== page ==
This translated online interview between two key art practitioners Henry Martin and Ray Johnson provides useful historic background on who coined the term ‘mail-art’. It also provides an outline of the Fluxus Movement and New York Correspondence School’s use and popularisation of mail art practice. This interview provided useful additional information on the practice of ‘mail art’ that complimented the information in the British Museum’s blog by Ramkalawon J (7 May 2019) ‘The World Exists To Be Put On A Postcard’. Ramkalawon’s blog (2019) noted that in some cases ‘mail art’ represented the only record of an artist’s installation or performance piece. In combination this information revealed that mail art / postcards would be an appropriate medium in which to depict the outcomes of my conceptual strategy.

Risen JL (2016) ‘Believing what we do not believe: acquiescence to superstitious beliefs and other powerful intuitions’, Psychological Review, 123 (2):182–207, https://doi.apa.org/doiLanding?doi=10.1037%2Frev000001
This article summarizes Risen’s psychological research into the concept acquiescence to superstitious beliefs and behaviours. It is a key document that underpins my exploration of my conceptual strategy about the extent to which well-educated mature adults hold superstitions beliefs and behave in ways that maintain their beliefs – even when they understand these beliefs are irrational. This article in part inspired my conceptual strategy.

Stokes P (2007), ‘Using constraints to generate and sustain novelty’, Psychology of Aesthetics, Creativity and the Arts, 1(2):107-113, doi:10.1037/1931-3896.1.2.107
This journal article scientifically validates the use of constraints in generating innovative responses to ill defined problems. The ‘constraint model of novelty’ referenced is clearly explained and shows its application is an empirically valid method when seeking new information from what is known. This reference provides an engaging further validation from an alternate discipline on the benefits of the use of constraints to artistically explore areas of interest. It strengthened my use of constraints in exploring the paradoxical nature of acquiescence to superstitious beliefs and behaviours (Risen 2016:202).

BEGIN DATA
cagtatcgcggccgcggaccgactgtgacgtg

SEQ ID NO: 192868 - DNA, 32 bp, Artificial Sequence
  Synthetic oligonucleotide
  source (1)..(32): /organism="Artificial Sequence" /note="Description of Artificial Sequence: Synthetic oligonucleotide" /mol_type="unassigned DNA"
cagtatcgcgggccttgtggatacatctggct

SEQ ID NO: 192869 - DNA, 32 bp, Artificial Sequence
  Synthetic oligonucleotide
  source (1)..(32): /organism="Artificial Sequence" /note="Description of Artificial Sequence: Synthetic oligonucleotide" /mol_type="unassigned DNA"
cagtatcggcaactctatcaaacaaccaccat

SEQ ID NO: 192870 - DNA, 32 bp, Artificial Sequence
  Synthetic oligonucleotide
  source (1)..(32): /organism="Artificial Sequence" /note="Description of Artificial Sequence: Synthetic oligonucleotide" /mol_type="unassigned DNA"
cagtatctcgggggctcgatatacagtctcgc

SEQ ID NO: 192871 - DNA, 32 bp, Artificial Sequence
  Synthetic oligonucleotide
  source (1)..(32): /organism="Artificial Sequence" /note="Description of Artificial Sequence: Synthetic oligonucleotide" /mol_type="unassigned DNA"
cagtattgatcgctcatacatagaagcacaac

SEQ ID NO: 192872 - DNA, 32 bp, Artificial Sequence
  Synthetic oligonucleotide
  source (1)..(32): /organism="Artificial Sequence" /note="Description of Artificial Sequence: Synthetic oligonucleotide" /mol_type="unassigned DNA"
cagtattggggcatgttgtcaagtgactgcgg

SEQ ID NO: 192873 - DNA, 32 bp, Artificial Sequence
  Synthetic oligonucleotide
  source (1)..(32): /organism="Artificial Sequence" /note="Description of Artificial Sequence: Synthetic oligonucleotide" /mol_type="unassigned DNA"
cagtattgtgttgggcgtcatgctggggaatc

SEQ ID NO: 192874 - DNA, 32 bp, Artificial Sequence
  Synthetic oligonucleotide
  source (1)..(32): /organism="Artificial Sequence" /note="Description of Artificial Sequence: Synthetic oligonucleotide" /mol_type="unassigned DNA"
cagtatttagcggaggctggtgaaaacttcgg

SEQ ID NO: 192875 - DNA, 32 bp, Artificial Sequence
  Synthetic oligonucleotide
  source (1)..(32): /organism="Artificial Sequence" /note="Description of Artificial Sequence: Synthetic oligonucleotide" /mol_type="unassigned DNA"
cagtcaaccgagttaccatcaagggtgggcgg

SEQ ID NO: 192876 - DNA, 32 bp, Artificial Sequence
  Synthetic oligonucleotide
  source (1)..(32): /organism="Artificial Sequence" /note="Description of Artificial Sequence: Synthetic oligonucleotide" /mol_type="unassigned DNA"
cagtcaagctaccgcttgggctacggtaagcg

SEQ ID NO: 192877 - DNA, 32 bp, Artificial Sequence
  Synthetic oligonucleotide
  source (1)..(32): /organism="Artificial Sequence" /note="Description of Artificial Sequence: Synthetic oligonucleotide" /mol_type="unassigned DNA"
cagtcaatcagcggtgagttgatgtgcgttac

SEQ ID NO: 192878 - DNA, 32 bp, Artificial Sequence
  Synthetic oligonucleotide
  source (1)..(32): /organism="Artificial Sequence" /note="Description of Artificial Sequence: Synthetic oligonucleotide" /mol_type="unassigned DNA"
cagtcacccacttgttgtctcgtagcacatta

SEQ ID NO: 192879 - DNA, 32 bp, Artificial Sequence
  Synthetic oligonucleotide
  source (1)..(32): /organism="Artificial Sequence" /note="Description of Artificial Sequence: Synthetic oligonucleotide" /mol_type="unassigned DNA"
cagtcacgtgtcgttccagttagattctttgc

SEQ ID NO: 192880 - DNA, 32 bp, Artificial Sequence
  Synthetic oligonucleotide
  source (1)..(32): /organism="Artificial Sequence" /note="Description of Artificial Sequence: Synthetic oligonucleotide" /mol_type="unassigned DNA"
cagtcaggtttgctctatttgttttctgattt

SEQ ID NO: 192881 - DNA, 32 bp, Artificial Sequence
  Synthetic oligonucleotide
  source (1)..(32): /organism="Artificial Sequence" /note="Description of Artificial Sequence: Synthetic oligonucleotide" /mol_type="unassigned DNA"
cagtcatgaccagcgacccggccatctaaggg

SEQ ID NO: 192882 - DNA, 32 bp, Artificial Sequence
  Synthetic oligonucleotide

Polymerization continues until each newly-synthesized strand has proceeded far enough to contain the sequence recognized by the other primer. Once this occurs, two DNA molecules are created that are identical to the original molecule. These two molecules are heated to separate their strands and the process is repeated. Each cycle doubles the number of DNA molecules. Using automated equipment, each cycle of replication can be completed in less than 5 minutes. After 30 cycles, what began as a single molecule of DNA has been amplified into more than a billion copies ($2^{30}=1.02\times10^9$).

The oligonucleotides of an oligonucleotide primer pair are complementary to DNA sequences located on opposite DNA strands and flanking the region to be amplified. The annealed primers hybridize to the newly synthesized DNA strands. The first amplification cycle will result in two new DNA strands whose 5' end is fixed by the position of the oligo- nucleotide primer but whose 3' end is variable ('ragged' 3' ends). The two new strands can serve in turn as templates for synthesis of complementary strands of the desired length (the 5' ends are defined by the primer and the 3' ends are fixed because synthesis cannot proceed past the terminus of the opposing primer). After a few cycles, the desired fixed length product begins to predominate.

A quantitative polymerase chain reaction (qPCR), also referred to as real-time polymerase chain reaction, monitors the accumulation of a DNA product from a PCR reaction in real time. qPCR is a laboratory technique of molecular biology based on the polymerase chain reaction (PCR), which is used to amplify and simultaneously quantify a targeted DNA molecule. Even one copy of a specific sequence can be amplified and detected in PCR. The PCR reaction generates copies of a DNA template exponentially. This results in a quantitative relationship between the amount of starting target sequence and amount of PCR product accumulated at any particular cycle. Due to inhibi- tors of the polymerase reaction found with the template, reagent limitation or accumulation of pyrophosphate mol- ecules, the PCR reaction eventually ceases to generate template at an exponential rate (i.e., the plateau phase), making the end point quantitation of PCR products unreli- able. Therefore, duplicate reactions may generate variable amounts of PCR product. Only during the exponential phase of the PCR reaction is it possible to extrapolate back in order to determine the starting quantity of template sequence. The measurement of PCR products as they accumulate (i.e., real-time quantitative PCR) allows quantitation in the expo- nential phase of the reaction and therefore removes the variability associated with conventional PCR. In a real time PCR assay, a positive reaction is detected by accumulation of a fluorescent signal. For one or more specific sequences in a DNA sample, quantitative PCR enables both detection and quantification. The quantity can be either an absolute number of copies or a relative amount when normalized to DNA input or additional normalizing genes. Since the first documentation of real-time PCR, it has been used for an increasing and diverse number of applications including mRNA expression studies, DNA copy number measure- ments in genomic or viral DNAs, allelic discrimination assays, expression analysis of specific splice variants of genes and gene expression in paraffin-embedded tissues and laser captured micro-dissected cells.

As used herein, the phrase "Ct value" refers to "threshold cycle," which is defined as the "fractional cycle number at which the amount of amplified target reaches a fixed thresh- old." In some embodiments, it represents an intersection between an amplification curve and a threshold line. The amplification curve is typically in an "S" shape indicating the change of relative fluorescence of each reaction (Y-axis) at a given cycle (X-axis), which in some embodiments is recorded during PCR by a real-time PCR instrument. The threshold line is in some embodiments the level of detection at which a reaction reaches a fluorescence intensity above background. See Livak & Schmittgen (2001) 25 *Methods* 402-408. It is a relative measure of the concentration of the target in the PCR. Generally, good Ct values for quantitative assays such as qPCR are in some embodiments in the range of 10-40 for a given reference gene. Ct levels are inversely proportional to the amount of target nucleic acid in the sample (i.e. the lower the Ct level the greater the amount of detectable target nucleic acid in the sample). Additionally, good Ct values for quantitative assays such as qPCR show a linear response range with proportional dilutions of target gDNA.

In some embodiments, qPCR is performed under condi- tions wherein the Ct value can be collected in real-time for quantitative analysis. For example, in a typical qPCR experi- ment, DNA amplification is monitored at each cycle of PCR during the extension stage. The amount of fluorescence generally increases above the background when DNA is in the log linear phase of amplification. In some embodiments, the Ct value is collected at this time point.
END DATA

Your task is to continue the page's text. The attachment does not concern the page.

Wearing G (1992-93) Signs that Say What You Want Them To Say and Not Signs that Say What Someone Else Wants You To Say [photographic series], Tate Modern Online, accessed 30 May 2021.
Displays five key artworks (photographs) that form part of Wearing’s series Signs that Say What You Want Them To Say and Not Signs that Say What Someone Else Wants You To Say purchased by the Tate Modern and uploaded to their visual database. The images are a key resource, include measurements and details of Wearing’s photographs. They also visually depict Wearing’s discussion of her conceptual art including its constraints and processes and her photographs that are often referenced by her peers and critics.

Leave a Reply

Fill in your details below or click an icon to log in:

WordPress.com Logo

You are commenting using your WordPress.com account. Log Out /  Change )

Twitter picture

You are commenting using your Twitter account. Log Out /  Change )

Facebook photo

You are commenting using your Facebook account. Log Out /  Change )

Connecting to %s